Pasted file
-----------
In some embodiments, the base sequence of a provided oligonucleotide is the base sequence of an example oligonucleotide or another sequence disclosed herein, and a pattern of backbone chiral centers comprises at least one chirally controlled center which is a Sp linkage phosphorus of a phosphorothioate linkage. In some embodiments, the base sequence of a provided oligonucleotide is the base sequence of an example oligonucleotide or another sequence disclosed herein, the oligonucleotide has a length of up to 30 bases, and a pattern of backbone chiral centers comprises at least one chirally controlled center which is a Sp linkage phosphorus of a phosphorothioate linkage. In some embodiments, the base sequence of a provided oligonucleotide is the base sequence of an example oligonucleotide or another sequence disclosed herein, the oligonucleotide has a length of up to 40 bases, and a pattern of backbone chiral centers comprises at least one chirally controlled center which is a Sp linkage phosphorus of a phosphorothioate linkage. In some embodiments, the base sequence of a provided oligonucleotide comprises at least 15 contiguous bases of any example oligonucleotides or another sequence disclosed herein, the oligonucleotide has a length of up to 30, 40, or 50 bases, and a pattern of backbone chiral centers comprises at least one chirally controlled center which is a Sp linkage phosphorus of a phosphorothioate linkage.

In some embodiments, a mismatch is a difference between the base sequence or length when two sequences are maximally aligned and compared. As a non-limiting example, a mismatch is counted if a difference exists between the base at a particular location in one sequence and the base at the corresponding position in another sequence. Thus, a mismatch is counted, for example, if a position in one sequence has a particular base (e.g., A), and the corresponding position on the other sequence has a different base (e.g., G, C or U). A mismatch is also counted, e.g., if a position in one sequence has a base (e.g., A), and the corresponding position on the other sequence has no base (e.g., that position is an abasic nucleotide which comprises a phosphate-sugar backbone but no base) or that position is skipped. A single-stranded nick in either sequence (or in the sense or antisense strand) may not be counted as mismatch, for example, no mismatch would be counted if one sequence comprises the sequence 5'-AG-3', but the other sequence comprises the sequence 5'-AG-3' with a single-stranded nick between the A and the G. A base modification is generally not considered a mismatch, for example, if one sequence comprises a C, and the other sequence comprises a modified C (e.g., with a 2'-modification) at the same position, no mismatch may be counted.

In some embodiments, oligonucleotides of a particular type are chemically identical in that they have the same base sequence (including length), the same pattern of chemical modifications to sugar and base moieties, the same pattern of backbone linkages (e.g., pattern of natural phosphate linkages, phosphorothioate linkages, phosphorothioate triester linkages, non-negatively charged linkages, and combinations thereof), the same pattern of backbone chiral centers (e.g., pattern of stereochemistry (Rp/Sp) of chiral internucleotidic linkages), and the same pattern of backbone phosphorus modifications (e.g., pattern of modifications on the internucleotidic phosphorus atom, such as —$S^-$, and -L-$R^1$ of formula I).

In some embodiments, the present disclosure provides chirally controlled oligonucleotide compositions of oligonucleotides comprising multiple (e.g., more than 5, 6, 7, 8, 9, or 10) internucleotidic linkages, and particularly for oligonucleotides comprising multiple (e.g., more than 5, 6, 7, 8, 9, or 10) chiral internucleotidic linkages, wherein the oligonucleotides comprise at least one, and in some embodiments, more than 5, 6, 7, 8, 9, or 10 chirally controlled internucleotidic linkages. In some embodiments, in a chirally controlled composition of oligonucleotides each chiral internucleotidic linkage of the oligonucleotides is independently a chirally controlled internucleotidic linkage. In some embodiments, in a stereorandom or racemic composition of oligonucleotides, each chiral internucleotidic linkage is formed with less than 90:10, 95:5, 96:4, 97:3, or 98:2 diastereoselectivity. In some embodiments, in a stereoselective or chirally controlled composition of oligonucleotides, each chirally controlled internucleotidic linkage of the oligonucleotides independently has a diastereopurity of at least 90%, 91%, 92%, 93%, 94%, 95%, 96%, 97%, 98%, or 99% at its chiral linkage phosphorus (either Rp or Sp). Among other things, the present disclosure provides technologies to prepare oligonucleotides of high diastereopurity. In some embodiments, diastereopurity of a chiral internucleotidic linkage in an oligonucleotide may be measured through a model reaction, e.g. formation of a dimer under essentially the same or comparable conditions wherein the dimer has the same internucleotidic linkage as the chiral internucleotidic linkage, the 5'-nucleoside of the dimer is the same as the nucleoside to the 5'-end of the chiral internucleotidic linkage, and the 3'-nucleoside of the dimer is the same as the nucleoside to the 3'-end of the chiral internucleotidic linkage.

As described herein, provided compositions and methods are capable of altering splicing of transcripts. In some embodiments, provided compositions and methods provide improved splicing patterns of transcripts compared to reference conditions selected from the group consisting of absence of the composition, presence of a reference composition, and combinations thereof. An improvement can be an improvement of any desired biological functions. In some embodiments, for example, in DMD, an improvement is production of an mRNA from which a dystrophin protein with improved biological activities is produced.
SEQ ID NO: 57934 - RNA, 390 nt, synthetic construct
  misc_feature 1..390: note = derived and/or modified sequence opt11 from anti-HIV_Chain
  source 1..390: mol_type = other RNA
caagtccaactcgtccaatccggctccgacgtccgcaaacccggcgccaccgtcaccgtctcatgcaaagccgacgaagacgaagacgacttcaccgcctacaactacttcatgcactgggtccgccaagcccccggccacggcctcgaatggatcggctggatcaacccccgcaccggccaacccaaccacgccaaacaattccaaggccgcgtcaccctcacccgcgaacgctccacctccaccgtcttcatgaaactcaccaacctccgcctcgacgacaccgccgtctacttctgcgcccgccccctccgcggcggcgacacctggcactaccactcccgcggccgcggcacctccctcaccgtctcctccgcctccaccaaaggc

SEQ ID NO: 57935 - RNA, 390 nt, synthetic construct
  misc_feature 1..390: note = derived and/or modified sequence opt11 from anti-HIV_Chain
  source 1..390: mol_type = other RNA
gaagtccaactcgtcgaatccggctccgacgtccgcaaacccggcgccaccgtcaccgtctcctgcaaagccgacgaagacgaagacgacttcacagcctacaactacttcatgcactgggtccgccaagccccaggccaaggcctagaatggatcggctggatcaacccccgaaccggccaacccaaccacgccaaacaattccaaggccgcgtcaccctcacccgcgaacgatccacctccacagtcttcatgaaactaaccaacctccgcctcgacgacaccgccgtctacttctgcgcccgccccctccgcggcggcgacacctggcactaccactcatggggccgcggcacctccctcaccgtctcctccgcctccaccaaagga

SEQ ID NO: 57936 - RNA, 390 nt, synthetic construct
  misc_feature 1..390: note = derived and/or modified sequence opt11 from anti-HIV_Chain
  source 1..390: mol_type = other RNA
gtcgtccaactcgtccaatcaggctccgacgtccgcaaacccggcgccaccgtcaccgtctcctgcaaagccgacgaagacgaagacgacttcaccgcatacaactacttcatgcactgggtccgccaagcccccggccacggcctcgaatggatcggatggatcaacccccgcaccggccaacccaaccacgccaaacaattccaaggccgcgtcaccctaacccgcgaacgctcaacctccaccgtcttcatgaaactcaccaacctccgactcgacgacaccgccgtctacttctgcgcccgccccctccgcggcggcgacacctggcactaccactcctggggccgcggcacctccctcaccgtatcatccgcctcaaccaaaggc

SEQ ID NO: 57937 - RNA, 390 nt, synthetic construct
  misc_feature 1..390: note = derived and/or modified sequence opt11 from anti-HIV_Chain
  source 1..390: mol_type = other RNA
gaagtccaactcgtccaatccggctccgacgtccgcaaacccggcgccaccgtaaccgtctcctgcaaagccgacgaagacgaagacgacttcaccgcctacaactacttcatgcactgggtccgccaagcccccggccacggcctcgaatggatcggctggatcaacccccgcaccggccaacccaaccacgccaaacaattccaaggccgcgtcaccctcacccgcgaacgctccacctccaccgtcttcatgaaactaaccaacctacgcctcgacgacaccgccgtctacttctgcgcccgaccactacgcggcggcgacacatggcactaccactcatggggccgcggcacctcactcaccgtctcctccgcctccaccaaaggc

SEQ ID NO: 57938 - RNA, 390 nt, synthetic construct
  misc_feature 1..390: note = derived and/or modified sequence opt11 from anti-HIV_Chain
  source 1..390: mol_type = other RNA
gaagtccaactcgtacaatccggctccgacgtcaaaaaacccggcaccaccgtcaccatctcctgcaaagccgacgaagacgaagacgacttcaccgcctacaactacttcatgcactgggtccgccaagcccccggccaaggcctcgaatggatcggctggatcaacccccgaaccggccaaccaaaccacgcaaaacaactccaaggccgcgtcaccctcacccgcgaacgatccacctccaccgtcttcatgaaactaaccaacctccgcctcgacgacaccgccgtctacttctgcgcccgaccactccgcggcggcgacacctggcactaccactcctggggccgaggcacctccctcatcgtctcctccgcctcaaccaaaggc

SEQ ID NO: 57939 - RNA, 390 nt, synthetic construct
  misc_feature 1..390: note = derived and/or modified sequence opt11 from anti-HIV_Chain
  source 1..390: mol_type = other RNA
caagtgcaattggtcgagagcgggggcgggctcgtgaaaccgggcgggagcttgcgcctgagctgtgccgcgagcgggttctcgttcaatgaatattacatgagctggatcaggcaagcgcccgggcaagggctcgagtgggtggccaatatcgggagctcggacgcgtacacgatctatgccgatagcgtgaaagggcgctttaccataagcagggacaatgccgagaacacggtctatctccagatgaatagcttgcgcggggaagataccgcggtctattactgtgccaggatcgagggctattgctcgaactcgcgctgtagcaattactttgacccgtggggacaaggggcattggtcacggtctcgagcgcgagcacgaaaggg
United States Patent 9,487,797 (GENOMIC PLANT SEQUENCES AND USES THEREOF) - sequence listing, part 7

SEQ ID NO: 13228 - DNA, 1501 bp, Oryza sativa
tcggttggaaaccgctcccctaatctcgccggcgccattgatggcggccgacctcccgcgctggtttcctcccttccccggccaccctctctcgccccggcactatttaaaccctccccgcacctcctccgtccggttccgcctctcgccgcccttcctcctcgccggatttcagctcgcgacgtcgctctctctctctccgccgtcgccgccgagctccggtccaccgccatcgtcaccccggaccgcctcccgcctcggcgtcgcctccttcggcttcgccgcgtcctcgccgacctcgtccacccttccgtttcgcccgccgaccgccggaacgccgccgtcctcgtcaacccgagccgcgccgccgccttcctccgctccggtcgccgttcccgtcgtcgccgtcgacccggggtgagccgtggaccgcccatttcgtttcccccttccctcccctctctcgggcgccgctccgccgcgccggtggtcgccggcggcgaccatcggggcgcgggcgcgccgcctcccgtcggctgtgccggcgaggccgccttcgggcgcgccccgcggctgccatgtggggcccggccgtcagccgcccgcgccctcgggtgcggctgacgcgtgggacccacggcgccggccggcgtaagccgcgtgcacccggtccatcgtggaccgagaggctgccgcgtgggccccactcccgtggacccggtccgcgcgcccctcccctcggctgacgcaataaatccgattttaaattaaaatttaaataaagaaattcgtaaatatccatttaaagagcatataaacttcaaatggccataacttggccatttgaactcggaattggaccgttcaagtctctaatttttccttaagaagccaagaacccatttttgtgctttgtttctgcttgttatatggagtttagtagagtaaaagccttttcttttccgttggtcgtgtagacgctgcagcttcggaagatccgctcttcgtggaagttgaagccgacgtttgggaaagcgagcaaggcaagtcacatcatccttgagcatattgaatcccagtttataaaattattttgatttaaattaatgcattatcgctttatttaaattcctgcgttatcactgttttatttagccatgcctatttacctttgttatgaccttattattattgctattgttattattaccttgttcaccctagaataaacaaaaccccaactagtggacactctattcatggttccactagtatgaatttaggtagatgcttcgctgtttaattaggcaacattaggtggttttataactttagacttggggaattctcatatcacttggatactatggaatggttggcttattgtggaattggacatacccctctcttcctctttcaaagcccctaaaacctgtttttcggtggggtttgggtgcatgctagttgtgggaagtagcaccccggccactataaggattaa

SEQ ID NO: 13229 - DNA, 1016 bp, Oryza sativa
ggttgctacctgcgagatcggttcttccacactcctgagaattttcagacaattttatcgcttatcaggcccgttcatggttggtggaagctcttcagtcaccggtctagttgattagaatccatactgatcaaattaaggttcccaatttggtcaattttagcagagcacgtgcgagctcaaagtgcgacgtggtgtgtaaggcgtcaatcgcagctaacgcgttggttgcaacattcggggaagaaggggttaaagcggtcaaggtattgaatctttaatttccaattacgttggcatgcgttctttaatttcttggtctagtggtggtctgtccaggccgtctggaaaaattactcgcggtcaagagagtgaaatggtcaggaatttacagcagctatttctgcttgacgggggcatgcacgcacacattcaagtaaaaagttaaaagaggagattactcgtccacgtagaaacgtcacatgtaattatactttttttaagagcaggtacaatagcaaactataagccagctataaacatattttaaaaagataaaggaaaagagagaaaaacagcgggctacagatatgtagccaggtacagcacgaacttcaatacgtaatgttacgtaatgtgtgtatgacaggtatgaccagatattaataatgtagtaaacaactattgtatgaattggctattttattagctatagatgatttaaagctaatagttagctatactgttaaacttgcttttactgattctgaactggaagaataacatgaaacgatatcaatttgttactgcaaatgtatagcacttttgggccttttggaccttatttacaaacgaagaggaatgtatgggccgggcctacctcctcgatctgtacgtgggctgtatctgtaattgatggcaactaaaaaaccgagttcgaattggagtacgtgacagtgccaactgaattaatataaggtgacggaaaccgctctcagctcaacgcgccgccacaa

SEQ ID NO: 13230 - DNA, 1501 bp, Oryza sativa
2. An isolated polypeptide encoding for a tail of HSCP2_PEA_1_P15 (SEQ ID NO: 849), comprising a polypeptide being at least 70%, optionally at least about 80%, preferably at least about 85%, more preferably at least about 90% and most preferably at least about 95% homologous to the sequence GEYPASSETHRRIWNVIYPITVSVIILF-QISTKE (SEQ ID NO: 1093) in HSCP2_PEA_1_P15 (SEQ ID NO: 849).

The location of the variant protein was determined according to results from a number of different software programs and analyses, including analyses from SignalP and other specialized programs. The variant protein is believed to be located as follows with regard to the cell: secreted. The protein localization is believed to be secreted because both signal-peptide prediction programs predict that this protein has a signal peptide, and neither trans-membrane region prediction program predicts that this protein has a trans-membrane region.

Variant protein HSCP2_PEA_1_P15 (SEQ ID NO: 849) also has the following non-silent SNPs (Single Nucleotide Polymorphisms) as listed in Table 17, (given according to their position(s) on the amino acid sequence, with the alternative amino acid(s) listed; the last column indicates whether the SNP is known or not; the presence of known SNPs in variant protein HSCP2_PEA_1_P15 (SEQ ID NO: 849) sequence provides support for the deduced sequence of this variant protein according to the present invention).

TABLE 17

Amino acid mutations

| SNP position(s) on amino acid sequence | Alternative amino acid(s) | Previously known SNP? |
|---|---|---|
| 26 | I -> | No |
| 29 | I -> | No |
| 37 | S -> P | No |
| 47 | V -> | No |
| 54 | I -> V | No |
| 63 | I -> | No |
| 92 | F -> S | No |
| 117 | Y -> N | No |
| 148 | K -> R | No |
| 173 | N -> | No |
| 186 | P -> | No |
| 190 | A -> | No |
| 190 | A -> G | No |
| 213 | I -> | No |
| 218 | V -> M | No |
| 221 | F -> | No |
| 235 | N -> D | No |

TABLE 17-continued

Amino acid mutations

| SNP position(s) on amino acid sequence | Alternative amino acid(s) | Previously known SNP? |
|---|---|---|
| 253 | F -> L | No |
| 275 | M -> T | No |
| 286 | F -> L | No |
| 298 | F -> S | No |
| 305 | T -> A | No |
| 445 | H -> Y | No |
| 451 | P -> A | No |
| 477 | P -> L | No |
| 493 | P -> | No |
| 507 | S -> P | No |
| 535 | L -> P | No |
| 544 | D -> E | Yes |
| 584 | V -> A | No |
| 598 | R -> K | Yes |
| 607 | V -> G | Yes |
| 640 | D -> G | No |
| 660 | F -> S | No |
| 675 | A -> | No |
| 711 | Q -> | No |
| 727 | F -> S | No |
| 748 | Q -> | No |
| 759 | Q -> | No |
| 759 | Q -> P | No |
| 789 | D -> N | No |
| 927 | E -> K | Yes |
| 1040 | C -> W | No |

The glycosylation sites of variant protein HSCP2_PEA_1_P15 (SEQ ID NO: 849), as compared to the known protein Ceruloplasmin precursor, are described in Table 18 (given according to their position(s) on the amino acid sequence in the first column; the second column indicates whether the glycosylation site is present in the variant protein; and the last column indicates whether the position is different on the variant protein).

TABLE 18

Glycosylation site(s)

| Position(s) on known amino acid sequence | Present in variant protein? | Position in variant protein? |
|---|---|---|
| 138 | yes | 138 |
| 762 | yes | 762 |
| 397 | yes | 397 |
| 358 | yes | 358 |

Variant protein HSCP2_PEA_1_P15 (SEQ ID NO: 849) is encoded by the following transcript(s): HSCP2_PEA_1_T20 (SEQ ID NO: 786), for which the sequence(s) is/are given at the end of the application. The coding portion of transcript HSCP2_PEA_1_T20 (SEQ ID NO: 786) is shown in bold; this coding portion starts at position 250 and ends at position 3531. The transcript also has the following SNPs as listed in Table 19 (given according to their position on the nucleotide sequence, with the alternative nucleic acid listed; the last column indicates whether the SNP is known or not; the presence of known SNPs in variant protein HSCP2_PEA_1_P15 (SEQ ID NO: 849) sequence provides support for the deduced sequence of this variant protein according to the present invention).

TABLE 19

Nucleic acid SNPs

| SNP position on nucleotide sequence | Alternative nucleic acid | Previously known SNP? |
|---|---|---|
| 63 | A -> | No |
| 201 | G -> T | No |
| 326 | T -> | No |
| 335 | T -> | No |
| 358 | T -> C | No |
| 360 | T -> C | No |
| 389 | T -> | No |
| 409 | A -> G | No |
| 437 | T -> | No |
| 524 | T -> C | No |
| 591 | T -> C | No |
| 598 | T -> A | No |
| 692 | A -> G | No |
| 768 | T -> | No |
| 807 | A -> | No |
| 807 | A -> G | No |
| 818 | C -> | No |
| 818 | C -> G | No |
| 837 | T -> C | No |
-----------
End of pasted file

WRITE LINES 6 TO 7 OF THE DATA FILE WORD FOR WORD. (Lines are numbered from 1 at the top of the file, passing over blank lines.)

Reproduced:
SEQ ID NO: 57934 - RNA, 390 nt, synthetic construct
  misc_feature 1..390: note = derived and/or modified sequence opt11 from anti-HIV_Chain